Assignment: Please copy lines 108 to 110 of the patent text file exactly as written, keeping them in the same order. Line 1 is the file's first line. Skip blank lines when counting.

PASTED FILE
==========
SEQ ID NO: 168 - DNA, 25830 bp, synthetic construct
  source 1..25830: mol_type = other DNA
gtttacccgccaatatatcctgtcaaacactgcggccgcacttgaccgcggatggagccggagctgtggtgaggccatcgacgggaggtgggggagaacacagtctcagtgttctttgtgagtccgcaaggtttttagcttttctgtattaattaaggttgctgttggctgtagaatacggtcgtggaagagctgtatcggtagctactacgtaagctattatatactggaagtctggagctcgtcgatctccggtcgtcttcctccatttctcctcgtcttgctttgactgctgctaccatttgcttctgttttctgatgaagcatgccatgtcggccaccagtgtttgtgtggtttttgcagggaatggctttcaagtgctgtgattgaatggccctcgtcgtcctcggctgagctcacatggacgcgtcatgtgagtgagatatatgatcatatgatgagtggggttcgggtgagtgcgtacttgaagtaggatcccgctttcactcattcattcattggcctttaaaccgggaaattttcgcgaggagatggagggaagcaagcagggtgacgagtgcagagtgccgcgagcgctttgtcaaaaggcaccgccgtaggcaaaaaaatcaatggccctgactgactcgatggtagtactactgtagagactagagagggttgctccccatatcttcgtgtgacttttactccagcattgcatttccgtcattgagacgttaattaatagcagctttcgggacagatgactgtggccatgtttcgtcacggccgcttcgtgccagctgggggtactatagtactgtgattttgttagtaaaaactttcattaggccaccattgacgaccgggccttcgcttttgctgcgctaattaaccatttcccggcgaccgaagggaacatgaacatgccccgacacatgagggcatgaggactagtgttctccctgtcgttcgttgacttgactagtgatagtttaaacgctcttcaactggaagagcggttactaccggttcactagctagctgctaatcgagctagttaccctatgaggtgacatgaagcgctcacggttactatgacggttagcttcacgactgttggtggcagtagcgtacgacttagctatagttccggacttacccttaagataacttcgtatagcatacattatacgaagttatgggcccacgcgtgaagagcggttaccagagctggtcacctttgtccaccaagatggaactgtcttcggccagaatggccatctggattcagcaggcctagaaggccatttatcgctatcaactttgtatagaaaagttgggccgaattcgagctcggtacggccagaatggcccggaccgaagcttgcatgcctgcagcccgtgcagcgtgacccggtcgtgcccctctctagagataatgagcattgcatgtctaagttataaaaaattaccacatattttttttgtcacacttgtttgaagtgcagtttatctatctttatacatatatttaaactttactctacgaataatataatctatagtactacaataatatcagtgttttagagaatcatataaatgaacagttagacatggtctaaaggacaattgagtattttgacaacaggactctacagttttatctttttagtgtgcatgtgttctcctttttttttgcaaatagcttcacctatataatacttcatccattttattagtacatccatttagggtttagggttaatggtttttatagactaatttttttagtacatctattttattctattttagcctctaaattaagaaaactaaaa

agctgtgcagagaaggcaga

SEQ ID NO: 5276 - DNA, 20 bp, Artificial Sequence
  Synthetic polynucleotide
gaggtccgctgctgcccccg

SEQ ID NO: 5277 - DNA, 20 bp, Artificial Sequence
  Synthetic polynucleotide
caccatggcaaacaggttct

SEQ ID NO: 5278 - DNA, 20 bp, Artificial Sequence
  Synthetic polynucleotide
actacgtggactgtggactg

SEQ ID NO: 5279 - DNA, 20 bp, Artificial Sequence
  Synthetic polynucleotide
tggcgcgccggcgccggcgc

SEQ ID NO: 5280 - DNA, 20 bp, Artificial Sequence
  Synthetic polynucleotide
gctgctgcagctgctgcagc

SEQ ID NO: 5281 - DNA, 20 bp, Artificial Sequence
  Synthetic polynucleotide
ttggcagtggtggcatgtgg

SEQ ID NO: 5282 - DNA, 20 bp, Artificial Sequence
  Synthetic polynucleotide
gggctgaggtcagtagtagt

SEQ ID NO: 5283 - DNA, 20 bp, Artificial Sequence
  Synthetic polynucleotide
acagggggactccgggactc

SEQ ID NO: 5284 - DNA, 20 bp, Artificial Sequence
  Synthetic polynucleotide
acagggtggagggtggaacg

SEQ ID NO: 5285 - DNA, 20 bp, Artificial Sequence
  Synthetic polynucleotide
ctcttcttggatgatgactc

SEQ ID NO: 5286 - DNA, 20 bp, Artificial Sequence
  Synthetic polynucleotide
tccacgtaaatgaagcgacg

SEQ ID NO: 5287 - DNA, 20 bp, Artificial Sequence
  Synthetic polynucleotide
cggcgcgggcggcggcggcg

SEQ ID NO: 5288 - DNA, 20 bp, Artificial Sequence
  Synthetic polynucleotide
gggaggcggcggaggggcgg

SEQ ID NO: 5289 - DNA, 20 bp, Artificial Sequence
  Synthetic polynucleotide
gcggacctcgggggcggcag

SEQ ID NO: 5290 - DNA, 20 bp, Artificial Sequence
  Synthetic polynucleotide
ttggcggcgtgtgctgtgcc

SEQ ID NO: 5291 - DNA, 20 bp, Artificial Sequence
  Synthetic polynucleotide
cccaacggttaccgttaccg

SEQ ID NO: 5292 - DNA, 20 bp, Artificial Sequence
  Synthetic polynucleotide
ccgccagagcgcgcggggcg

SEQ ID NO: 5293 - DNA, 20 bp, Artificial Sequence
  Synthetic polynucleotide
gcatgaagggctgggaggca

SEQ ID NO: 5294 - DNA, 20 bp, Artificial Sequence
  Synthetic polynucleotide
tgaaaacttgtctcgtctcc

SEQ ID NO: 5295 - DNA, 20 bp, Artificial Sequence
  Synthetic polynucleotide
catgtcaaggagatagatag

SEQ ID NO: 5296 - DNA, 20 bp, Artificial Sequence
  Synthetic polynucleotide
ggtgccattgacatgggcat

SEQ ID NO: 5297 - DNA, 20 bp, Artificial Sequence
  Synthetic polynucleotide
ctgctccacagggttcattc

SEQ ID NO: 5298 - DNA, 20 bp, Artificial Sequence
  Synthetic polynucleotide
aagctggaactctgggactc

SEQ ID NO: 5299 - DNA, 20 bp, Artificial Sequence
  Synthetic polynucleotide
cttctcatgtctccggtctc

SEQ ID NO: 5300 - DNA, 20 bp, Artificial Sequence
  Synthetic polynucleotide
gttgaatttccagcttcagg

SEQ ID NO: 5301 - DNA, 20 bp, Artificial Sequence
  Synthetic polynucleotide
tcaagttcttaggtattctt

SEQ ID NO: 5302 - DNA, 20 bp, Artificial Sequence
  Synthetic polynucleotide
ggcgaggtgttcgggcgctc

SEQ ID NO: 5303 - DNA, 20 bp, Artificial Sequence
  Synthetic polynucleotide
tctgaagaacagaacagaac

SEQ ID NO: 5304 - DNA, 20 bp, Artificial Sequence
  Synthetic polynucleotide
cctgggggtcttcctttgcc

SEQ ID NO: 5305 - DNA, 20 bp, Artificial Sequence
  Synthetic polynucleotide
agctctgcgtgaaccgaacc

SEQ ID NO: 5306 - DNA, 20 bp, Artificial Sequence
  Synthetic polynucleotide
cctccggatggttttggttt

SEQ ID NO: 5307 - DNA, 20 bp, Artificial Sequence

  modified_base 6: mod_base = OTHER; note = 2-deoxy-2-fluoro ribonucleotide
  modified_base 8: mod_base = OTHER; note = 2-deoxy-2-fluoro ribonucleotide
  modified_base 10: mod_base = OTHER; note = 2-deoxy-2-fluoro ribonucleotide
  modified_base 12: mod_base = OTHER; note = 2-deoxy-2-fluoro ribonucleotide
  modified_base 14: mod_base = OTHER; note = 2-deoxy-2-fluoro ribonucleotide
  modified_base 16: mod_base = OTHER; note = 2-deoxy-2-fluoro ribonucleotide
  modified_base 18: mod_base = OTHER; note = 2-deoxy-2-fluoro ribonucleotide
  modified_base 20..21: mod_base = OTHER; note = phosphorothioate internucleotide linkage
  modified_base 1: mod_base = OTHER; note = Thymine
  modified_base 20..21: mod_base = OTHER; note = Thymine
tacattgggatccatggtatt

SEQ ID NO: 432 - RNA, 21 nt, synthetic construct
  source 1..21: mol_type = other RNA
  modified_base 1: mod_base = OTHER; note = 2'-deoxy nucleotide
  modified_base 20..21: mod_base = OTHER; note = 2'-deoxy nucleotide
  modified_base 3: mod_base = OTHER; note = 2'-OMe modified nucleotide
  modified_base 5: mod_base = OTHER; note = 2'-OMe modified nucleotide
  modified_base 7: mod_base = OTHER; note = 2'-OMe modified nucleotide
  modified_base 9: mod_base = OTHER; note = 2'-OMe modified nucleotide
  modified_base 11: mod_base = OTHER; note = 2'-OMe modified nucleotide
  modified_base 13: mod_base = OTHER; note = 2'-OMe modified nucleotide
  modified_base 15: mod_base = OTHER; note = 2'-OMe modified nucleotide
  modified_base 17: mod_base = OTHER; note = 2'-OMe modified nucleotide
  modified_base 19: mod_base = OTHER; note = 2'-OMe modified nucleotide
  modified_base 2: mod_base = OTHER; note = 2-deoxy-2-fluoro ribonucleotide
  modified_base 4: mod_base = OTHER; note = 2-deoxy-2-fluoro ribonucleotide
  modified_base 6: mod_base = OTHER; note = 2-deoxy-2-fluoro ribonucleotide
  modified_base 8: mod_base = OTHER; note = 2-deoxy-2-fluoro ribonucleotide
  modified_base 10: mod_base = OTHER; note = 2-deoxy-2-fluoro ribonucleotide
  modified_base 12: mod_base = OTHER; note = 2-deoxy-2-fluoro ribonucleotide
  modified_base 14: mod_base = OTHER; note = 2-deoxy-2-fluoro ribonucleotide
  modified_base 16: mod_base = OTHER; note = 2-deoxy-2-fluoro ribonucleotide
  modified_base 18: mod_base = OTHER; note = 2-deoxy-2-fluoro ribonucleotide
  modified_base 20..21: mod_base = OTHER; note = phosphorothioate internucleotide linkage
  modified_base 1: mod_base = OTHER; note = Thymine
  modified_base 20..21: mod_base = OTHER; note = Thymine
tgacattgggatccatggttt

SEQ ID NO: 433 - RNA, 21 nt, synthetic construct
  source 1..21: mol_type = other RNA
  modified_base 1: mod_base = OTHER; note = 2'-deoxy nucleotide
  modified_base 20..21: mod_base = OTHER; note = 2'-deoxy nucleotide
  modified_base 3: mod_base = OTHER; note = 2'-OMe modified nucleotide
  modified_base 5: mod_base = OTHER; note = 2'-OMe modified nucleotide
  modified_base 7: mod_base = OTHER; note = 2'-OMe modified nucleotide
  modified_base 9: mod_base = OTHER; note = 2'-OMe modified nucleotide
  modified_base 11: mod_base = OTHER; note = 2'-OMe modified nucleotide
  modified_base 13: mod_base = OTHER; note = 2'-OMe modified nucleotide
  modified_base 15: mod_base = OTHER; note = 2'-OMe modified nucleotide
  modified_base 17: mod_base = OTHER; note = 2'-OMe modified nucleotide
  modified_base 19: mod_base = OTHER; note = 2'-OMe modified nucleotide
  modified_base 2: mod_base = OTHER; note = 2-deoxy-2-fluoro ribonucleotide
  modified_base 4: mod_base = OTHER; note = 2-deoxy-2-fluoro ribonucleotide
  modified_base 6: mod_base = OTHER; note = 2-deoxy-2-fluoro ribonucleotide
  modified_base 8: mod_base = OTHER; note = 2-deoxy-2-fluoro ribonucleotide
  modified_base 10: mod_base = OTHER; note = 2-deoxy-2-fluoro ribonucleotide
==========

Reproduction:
  modified_base 20..21: mod_base = OTHER; note = Thymine
tacattgggatccatggtatt

SEQ ID NO: 432 - RNA, 21 nt, synthetic construct